Wordpress is very open source and market-oriented. Plugins and themes often compete at the free level, trying to establish a user base and bona fides to sell 'professional themes' as well a turnkey sites (basically they use themes they develop and/or customize to create a site that can instantly be used by basic-WP-aware administrative and editorial staff (which, of course, might just be one person ).

And that can work out. It's great to have a range of different themes you can plug your content into -- or try. Because themes are essentially procedural/branching PHP code files combined with CSS styling files, modifying/customizing them to provide or add different capabilities can be a hassle. Even modifying the look can be a hassle because the procedural files generate the basic HTML file -- and you may need to modify both.

And THAT is why 'starter themes' evolved. The most useful of them from a dev point of view are those that simply output all the content for a page -- from a clearly written and well-commented PHP file that is, itself, relatively easy to mod or extend -- along with super basic CSS files that provide for customization of the display of the various elements.

Plugins in WP are, in effect, (often but not always smaller) code blocks that are used to add various changes or additions from small to quite large in a given WP site. They are separate from but can be interdependent on the features and procedures implicit in various themes. Some themes come with add-in plugins. (This is a popular way of adding commercial features to freely available themes. Say you as a WP developer offer a super basic onlines sales system theme available for free via the free WP themes repository. You might create a pay-for version of the same theme [like the step up from free to paid phone app] OR you might design a free core system and then add pay-for features via commercial plugins. That way you only have to maintain a single core codebase.)


Anyhow, I suspect I've drifted far away from the original topic, the paradigm shift implicit in comparing development in Dreamweaver vis a vis using a CMS.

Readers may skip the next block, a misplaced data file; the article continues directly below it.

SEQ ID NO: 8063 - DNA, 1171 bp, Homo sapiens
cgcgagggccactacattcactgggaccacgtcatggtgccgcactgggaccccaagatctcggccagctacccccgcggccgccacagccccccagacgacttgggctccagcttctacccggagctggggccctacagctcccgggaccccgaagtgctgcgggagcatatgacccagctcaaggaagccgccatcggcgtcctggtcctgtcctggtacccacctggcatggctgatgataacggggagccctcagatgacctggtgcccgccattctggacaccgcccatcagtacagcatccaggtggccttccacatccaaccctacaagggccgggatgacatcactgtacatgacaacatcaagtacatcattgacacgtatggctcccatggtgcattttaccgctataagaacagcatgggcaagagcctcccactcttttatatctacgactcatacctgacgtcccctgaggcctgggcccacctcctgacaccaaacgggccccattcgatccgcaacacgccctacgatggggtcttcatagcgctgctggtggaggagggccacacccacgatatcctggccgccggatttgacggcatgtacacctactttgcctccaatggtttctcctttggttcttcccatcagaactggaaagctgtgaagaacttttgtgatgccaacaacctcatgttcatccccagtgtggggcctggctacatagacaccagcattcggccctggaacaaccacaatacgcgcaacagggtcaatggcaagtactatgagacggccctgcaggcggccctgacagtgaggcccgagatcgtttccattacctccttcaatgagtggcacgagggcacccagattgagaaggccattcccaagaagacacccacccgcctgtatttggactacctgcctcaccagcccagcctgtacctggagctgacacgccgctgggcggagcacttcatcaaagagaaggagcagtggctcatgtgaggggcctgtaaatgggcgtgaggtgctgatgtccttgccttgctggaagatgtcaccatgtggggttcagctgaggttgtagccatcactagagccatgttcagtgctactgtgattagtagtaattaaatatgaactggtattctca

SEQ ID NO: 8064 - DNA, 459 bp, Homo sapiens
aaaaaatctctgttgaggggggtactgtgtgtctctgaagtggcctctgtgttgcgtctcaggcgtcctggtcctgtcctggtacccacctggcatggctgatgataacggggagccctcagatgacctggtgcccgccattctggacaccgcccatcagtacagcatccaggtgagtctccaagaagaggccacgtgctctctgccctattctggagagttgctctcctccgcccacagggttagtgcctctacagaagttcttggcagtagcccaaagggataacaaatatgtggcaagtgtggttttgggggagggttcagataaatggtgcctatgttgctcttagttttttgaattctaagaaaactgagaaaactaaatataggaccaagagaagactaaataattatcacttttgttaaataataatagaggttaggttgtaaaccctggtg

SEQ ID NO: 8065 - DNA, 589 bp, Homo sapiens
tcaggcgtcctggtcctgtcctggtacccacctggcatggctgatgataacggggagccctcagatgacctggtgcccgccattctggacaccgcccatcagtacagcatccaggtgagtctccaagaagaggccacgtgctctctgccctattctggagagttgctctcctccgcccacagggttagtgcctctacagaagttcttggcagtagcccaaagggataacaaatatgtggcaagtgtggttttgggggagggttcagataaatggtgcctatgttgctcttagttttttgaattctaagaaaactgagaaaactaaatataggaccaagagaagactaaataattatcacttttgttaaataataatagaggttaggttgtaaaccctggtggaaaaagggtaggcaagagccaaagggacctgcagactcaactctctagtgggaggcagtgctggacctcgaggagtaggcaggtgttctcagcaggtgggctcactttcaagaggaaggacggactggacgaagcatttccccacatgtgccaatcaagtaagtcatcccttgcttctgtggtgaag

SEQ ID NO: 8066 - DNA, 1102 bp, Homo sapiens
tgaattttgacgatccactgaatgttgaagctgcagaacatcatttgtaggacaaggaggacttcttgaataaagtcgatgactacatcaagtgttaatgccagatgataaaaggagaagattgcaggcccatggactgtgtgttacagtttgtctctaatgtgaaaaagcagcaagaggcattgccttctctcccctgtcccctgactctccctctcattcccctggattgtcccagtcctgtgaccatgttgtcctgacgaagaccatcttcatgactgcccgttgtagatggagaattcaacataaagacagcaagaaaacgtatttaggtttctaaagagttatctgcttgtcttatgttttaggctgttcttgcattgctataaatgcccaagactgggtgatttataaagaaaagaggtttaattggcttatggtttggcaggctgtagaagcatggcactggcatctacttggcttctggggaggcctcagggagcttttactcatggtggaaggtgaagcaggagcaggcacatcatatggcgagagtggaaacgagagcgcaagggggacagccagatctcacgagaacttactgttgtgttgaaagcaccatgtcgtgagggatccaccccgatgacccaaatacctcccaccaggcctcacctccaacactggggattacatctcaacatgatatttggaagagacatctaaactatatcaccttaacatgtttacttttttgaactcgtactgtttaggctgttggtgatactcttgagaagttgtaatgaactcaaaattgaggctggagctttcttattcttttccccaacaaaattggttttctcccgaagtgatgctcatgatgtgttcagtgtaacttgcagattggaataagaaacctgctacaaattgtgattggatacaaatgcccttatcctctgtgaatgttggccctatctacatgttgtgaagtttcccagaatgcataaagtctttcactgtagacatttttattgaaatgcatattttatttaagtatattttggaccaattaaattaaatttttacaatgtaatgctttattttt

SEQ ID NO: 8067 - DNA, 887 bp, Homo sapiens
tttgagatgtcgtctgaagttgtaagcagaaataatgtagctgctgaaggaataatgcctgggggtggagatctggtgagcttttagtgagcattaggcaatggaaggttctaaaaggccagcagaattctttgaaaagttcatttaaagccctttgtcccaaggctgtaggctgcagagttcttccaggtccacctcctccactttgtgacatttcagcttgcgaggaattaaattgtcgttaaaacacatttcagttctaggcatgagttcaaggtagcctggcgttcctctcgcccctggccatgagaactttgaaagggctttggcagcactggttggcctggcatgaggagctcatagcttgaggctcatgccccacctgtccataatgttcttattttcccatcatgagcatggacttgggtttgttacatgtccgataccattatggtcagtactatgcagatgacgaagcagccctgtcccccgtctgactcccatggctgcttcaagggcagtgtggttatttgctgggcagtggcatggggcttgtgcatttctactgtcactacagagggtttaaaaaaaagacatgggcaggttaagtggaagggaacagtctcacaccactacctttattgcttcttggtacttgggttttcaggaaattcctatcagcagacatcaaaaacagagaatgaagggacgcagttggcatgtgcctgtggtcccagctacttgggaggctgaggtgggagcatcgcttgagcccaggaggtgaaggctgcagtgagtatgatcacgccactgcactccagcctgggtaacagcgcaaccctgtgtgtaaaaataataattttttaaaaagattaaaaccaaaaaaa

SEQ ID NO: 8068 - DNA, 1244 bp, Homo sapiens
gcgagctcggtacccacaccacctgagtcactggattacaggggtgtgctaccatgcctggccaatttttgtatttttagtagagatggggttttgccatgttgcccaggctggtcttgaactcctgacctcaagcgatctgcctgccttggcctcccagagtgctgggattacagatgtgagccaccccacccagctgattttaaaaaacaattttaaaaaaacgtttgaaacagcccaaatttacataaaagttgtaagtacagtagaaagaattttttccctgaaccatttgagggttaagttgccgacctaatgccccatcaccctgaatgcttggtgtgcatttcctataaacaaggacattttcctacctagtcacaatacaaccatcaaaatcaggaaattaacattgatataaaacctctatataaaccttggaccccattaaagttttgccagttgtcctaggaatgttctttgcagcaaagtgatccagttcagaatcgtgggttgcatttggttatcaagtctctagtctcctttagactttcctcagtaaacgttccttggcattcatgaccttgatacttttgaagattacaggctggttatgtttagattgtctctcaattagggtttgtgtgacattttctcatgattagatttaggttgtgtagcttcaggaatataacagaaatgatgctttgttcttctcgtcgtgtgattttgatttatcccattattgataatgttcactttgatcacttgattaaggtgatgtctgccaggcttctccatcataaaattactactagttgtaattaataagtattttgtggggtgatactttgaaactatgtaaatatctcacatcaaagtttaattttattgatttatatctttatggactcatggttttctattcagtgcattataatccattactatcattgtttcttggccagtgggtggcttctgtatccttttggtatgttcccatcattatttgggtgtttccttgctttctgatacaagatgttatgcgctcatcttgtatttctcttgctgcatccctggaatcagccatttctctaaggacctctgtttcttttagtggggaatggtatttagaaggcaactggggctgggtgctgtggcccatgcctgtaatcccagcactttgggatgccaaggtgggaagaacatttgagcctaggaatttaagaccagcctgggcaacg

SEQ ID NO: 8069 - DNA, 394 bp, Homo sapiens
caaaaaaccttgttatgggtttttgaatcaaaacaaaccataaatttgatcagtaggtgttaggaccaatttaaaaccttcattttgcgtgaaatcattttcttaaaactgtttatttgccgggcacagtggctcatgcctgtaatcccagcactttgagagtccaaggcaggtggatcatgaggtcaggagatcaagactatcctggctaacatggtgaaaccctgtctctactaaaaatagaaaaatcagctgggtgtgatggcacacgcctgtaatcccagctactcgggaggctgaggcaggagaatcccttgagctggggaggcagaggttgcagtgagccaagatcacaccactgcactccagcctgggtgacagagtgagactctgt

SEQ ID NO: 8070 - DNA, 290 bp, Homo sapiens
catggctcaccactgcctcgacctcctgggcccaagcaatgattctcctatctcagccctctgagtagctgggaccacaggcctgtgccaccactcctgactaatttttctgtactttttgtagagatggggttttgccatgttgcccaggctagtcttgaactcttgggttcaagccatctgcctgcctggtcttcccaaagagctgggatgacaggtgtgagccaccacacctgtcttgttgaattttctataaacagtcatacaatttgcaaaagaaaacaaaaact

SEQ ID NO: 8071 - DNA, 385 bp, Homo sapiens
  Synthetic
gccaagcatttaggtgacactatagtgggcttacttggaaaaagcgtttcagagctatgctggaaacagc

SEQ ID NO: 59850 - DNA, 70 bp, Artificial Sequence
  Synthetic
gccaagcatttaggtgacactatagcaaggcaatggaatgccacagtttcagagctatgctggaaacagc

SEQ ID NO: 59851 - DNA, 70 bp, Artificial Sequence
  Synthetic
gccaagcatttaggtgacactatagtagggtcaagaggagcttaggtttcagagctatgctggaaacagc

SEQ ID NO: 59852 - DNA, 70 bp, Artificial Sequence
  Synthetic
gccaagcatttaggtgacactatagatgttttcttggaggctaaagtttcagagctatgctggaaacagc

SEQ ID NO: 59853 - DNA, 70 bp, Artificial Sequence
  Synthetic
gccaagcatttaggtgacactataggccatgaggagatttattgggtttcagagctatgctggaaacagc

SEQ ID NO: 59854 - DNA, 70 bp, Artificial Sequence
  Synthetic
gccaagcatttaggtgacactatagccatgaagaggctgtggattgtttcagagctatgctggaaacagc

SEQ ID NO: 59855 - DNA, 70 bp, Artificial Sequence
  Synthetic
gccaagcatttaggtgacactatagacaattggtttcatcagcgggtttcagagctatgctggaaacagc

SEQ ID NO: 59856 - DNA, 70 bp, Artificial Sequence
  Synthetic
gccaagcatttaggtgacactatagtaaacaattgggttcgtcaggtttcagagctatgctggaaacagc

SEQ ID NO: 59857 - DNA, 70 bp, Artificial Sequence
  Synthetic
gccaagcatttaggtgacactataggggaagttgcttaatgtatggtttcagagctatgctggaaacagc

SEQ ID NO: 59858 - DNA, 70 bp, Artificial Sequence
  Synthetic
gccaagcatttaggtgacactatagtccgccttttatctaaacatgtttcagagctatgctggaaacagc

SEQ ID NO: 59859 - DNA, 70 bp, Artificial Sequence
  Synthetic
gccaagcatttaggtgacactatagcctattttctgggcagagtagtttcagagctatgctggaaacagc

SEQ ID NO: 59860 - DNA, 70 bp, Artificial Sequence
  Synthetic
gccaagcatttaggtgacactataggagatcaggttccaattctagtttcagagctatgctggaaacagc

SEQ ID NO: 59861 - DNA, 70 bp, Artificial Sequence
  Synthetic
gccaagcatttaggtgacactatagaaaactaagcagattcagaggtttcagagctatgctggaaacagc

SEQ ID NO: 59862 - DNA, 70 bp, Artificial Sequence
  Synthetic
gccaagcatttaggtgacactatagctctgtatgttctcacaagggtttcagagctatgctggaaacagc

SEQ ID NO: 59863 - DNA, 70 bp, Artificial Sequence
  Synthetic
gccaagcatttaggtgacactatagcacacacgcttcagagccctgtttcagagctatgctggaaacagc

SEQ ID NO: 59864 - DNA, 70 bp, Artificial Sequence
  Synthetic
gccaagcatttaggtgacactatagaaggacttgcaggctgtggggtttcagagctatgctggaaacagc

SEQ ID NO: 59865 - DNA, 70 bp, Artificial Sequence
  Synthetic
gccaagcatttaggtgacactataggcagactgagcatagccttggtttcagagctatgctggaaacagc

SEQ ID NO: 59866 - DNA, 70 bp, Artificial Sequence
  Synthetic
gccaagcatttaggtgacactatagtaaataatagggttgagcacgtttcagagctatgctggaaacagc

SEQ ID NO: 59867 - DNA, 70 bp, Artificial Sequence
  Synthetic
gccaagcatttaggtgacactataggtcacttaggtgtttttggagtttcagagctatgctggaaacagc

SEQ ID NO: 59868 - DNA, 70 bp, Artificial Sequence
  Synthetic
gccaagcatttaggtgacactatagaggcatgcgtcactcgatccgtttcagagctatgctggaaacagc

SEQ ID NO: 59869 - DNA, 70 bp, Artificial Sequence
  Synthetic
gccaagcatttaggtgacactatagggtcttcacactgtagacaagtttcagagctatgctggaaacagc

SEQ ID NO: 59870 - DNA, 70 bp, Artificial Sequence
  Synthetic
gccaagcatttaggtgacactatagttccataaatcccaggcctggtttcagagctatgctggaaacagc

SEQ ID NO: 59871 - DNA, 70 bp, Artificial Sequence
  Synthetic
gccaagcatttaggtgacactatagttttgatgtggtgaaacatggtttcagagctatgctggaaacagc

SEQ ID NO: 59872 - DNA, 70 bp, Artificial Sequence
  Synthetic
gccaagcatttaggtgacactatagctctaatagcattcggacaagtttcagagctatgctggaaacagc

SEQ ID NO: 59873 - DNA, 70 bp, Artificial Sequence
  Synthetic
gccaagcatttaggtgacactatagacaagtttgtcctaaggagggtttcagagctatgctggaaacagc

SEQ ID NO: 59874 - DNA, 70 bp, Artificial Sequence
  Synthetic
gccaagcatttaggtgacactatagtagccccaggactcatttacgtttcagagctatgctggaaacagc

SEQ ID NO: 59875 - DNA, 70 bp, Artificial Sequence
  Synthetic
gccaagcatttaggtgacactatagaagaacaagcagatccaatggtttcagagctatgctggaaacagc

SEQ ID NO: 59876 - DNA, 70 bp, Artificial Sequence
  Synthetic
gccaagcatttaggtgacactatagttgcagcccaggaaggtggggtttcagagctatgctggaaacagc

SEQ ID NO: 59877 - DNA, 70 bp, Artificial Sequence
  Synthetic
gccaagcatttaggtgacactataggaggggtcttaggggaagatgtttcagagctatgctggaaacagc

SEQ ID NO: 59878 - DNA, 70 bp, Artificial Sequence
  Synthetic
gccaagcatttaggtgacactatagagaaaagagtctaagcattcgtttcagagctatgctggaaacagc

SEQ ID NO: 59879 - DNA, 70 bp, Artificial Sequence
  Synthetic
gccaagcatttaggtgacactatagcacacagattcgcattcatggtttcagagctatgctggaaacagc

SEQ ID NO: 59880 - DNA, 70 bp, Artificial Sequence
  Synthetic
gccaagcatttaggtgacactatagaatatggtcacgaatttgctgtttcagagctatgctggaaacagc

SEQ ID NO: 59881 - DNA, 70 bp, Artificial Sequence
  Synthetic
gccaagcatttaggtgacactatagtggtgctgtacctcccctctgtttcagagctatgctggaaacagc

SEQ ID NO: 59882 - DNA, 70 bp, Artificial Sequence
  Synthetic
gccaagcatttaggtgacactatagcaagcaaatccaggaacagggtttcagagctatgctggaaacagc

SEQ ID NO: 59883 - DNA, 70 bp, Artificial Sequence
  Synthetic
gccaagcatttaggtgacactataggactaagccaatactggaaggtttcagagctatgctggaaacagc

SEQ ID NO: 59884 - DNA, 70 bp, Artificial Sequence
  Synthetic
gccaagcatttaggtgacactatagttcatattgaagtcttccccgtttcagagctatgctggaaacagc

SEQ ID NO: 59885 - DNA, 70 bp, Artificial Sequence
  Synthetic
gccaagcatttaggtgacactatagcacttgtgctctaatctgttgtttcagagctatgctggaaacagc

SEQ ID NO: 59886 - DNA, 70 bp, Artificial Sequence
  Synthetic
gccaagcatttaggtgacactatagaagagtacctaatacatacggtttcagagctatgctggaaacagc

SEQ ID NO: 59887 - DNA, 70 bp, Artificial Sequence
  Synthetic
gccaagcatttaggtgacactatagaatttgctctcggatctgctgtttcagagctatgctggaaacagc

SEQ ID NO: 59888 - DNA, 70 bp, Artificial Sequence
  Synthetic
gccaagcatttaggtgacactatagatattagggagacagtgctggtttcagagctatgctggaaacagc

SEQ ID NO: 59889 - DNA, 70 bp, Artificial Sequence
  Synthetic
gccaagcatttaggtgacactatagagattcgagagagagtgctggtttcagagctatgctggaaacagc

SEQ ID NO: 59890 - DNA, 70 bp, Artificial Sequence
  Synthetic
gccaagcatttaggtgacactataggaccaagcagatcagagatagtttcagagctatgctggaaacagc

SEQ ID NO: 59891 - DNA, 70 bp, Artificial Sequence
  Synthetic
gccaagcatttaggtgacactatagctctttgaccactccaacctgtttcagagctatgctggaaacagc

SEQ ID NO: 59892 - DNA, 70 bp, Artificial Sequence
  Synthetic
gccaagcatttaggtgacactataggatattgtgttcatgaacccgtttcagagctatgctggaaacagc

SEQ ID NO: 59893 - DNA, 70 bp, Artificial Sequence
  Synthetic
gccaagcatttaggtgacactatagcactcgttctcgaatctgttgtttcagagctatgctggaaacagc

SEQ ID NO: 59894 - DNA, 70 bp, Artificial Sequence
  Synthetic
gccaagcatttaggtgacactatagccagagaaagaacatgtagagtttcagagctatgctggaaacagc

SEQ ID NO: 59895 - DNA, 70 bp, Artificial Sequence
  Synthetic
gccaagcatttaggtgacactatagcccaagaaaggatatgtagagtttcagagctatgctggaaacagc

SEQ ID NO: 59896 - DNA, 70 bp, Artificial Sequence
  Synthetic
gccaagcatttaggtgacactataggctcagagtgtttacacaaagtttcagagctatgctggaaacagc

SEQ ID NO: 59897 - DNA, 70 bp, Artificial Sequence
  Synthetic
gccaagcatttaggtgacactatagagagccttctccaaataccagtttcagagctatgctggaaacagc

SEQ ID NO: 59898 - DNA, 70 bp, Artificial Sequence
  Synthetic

On about your business, web denizens.
Old 21st October 2016
  #30
Using WordPress is great for selling merchandise, we're using WooCommerce and Stripe over on the Voidance Records Shop, Stripe is a free payment processor. Works well, only takes a few hours to get the whole thing up and running.

We were selling music through it as a digital product (option in WooCommerce), but we've recently decided that from here on out, we're giving away our records, open-sourcing the project files, and funding the whole thing through merch, as the merch has proven surprisingly lucrative versus streaming and selling records.

We're using The Printful for merchandise fulfillment via WordPress too, so we don't actually have to print our merchandise, hold stock, or even dispatch it, it's all automated. Selling music is fairly dead unless you're on a major label with significant TV and radio exposure, especially when compared to selling a product like clothing; everybody has to cover themselves, not everybody has to buy records. Go figure.

We're also distributing our records via RouteNote to the traditional stores and streaming platforms in case anybody wants it on Spotify, Apple Music et cetera. This means we can monetize through use of our tracks on YouTube etc and collect royalties.
RouteNote is free (they take a 15% cut unless you want to pay a small fee), and the experience has been far better than it was with Ditto Music-- which in our experience for two releases, was quite frankly bollocks with missing statistics to this day for the major stores, and dozens of support tickets over typos in metadata that weren't there in the information we submitted.

I offer a web design and development service, happy to help anybody set up their WordPress CMS for a reasonable figure if that's what you're after. We offer custom themes, and the configuration of off-the-shelf products.